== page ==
By now it's no mystery that The Aristocrats, the documentary film by Paul Provenaza and Penn Jillette, is relentlessly, gleefully vulgar. The film is an extended deconstruction of a classic joke, presented in various forms by an impressive roster of stand-up comics and comedic actors who riff on the joke's core theme.
That the film works as a comedy has little to do with the joke itself. Rather, the big laughs the film delivers are fueled by the palpable sense of guilty pleasure the performers exhibit in their extemporaneous philosophical exploration of the boundaries of moral and cultural taboos of the sort that throughout history have gotten people burned as witches, thrown in jail, locked up in asylums, fired from their jobs as middle school gym teachers and clergymen, or courted by Jerry Springer's scouts.
While the film is not overtly political, the issue of free speech lingers in the periphery. But if Lenny Bruce's crusade was about free speech, THE ARISTOCRATS is about something more. The film is a celebration of the gratuitous use of foul language, an act of profound political subversion in itself. If such language is indeed a threat to the national moral fiber, then this film is a sign of the coming apocalypse.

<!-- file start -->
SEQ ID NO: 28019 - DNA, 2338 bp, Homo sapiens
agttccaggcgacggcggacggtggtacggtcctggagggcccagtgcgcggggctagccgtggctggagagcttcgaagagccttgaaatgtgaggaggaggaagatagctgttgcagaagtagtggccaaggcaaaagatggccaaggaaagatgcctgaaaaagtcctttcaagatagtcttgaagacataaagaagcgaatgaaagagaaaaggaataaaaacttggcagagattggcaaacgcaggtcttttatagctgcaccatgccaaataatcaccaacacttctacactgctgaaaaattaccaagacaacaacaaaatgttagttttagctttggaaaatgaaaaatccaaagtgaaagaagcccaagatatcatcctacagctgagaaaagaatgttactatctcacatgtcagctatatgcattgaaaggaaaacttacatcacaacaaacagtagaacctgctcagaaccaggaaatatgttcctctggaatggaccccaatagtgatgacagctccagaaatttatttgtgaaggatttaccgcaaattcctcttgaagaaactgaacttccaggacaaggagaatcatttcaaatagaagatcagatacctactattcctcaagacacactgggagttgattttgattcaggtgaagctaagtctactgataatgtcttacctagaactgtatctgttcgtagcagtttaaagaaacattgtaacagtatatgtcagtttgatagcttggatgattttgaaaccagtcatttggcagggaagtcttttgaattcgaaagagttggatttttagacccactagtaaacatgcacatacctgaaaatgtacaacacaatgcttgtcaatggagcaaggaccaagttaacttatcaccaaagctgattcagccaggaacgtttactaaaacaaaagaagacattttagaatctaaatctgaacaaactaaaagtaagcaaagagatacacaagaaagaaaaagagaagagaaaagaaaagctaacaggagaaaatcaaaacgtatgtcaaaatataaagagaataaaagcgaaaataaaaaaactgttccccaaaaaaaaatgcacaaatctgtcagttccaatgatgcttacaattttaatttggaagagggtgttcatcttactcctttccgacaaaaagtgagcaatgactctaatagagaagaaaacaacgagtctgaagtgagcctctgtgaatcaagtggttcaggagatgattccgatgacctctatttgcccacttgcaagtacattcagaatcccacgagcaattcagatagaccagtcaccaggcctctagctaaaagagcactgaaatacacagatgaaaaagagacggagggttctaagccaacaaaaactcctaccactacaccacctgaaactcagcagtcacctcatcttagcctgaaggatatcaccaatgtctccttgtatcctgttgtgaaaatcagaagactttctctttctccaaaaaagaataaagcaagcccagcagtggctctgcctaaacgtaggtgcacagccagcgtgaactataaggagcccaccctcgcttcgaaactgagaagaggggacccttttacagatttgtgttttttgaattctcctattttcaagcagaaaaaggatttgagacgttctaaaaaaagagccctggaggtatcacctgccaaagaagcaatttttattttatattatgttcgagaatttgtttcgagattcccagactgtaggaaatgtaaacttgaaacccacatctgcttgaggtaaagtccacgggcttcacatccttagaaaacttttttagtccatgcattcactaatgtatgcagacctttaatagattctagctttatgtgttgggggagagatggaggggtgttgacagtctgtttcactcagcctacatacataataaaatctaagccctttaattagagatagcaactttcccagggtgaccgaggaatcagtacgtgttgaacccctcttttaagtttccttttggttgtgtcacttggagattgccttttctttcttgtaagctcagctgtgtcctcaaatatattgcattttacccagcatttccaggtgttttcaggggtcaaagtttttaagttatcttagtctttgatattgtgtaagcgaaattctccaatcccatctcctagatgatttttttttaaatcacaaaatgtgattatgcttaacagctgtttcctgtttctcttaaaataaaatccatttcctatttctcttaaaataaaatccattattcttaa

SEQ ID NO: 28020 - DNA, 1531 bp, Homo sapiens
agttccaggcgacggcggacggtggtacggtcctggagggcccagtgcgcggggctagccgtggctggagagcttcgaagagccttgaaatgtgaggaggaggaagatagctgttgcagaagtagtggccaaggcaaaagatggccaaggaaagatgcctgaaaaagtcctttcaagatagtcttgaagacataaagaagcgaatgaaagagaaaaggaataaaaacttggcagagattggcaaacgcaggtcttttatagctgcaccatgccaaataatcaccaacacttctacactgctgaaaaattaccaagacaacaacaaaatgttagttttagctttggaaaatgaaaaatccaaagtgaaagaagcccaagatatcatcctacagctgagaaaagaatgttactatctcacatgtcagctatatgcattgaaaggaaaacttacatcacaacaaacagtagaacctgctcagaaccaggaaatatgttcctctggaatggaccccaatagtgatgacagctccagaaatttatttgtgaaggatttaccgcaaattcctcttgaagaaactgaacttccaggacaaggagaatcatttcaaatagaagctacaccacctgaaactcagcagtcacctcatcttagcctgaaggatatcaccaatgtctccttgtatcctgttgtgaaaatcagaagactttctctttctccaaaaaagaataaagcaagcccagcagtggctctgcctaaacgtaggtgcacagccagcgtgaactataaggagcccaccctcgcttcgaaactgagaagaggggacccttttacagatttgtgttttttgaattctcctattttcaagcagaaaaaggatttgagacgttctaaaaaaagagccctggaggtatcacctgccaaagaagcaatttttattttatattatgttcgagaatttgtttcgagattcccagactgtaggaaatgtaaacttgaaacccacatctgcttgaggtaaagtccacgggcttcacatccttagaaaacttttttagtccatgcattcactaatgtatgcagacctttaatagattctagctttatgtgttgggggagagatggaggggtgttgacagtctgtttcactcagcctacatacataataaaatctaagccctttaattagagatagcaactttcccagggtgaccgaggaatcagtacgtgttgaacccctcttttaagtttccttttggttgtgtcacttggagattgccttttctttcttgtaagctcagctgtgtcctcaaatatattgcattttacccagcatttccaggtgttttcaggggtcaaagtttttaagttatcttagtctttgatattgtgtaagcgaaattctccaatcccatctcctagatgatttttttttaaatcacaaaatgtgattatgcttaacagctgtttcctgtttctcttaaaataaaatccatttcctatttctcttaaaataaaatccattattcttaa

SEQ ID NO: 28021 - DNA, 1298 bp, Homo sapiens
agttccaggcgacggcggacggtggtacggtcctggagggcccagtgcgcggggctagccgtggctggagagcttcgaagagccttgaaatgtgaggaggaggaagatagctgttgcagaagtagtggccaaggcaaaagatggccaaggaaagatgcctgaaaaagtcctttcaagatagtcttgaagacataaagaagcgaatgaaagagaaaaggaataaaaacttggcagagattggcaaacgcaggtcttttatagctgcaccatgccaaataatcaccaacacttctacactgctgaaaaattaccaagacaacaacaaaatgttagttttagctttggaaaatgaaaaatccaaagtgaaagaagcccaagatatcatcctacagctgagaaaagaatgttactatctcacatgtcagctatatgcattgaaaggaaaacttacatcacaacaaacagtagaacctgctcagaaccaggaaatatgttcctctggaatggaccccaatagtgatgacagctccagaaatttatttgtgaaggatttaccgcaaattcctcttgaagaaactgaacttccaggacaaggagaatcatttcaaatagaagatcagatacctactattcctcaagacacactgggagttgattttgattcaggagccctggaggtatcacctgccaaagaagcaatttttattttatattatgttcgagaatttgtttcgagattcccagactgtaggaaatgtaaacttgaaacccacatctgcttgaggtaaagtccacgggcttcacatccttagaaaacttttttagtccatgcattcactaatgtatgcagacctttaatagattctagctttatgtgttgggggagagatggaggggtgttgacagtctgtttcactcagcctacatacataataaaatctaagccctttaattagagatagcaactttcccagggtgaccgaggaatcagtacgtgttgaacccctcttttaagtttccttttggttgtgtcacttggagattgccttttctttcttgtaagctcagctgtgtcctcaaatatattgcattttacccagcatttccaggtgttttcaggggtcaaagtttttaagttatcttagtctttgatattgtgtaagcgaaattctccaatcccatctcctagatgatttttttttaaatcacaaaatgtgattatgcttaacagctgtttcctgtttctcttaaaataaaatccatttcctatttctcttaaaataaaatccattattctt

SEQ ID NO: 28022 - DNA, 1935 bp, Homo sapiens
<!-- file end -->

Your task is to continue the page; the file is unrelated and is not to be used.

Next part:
But anyone who ever attended junior high was exposed to language at least as awful, if not more so, than the language presented in The Aristocrats. And most of us have grown up to become responsible citizens who rarely use that kind of language, usually only after slamming a car door on a thumb or when describing an IRS auditor.
If an American apocalypse is in the cards, it won't happen because people laugh at THE ARISTOCRATS, or use bad language, or tell astonishingly filthy jokes. It will happen because what passes for political discourse in this country perpetuates a cultural and political mythology that brands liberals as traitors, conservatives as fascists, Christians as the American Taliban, and dozens of other equally offensive Red State/Blue State, black/white, rich/poor stereotypes. The real fiber of this country is lost as the language of 21st century American politics erases the middle ground and pulls the plug on mutual respect and the thoughtful consideration of opposing ideas.
Language is powerful, and words matter. But The Aristocrats gives one pause to consider what kind of language is truly offensive and which words pose the greatest threat to the American way of life. For that reason, this unabashedly vile, uncomfortably funny film is well worth seeing. You may blush, you will squirm, but you will emerge undamaged, and probably in a better mood than when you entered the theater.